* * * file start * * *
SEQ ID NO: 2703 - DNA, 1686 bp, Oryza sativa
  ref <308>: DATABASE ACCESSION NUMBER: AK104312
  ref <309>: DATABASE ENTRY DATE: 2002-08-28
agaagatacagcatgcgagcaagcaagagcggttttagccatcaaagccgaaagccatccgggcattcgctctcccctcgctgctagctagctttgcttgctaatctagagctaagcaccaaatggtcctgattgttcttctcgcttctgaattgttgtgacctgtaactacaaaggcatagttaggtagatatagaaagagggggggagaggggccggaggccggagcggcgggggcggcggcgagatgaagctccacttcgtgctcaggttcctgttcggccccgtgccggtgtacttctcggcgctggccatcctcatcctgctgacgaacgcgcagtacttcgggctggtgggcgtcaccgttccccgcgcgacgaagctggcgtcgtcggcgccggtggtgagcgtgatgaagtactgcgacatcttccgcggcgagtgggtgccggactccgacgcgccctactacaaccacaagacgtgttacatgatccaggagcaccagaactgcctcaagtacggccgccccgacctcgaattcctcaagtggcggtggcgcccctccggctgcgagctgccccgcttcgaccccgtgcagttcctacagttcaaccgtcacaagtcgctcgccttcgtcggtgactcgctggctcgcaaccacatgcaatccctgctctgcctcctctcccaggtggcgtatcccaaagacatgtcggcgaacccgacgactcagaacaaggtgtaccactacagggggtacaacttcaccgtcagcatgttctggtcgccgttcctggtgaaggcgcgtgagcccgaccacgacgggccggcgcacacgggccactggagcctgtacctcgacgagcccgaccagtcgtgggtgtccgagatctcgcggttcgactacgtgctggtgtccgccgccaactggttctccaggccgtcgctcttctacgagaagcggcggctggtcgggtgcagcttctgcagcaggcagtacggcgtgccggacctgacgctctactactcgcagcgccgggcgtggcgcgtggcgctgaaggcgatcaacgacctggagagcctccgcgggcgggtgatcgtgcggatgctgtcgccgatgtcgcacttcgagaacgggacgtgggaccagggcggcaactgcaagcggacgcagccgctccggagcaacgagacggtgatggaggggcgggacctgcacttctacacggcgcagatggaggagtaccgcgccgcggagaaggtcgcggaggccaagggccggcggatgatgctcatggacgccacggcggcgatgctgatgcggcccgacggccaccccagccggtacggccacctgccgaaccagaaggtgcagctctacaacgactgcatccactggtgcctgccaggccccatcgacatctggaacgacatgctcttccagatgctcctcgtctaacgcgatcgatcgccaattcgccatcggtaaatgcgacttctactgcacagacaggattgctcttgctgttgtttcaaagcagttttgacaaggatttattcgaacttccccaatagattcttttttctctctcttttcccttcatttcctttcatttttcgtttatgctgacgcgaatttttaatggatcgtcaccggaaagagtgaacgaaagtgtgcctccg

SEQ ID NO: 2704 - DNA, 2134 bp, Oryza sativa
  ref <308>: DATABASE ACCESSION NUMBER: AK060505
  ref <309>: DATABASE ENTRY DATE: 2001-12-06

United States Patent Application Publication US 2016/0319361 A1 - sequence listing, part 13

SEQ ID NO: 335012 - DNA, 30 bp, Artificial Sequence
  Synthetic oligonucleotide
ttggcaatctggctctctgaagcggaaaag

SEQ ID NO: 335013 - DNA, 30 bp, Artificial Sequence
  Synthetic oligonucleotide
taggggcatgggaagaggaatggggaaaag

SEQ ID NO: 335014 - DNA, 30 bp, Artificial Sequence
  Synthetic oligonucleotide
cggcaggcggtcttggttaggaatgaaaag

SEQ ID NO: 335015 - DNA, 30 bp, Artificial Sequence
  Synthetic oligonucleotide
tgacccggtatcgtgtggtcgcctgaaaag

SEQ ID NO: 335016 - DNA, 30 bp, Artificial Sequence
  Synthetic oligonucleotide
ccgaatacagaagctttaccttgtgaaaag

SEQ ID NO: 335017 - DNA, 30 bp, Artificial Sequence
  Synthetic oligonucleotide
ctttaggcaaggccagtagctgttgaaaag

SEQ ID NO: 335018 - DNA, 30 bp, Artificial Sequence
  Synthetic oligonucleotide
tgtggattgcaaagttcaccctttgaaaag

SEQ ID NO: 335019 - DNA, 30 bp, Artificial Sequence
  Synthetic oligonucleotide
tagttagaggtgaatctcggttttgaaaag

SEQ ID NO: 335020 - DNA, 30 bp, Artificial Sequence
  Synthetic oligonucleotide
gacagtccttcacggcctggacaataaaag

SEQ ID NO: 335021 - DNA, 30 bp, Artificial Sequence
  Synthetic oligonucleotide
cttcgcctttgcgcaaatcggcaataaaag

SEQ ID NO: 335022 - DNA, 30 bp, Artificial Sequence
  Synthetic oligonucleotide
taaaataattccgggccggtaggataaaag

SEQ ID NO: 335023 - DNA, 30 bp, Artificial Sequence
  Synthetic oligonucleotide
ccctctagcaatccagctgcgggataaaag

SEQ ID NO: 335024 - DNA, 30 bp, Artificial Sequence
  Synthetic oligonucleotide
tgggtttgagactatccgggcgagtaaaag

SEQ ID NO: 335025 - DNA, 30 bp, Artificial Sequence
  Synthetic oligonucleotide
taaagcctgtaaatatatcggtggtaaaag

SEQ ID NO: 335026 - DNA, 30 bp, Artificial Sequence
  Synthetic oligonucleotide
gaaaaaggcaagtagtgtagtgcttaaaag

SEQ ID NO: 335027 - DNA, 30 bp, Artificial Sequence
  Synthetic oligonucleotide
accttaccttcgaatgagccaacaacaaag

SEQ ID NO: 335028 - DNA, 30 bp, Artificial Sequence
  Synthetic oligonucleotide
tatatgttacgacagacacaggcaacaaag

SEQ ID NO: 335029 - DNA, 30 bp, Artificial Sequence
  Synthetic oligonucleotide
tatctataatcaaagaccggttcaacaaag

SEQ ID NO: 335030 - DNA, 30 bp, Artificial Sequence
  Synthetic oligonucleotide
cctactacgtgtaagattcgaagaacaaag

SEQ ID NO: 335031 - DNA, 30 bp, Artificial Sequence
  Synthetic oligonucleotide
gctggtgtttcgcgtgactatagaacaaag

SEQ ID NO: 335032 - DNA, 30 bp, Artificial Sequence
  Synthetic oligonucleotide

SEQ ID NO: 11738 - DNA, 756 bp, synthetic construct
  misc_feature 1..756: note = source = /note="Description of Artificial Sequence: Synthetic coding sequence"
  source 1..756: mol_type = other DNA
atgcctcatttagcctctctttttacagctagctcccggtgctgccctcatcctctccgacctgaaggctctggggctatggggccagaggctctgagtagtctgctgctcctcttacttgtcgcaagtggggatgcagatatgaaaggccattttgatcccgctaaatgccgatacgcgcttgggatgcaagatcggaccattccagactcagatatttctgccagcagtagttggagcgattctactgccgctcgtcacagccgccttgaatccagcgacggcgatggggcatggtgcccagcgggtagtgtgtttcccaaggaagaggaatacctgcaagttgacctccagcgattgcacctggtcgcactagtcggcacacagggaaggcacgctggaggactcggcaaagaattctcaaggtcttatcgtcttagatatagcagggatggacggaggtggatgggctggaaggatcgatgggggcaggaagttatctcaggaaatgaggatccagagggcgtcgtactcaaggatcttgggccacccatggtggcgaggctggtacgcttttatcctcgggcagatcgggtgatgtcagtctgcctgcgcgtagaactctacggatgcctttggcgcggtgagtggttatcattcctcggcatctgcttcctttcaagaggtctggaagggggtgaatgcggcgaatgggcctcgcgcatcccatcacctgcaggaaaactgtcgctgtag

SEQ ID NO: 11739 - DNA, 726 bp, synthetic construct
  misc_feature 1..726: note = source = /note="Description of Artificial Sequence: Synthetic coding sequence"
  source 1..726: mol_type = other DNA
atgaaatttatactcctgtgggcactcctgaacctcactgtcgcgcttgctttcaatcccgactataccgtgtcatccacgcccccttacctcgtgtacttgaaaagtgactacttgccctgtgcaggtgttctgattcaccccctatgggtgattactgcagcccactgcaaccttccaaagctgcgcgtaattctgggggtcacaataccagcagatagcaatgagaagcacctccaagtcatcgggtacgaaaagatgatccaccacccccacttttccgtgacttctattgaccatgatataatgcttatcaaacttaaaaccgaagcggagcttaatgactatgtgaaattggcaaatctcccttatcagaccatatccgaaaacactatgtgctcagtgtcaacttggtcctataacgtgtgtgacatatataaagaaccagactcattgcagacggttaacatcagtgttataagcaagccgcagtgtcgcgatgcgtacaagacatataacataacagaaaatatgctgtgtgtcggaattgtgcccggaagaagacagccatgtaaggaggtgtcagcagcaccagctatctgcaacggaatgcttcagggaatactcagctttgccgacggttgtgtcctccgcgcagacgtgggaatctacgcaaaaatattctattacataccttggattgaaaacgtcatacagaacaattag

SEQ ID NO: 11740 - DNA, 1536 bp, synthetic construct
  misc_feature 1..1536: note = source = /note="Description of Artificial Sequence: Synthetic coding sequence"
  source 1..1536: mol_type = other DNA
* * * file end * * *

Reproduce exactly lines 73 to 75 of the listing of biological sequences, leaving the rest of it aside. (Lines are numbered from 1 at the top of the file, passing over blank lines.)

  source 1..756: mol_type = other DNA
atgcctcatttagcctctctttttacagctagctcccggtgctgccctcatcctctccgacctgaaggctctggggctatggggccagaggctctgagtagtctgctgctcctcttacttgtcgcaagtggggatgcagatatgaaaggccattttgatcccgctaaatgccgatacgcgcttgggatgcaagatcggaccattccagactcagatatttctgccagcagtagttggagcgattctactgccgctcgtcacagccgccttgaatccagcgacggcgatggggcatggtgcccagcgggtagtgtgtttcccaaggaagaggaatacctgcaagttgacctccagcgattgcacctggtcgcactagtcggcacacagggaaggcacgctggaggactcggcaaagaattctcaaggtcttatcgtcttagatatagcagggatggacggaggtggatgggctggaaggatcgatgggggcaggaagttatctcaggaaatgaggatccagagggcgtcgtactcaaggatcttgggccacccatggtggcgaggctggtacgcttttatcctcgggcagatcgggtgatgtcagtctgcctgcgcgtagaactctacggatgcctttggcgcggtgagtggttatcattcctcggcatctgcttcctttcaagaggtctggaagggggtgaatgcggcgaatgggcctcgcgcatcccatcacctgcaggaaaactgtcgctgtag

SEQ ID NO: 11739 - DNA, 726 bp, synthetic construct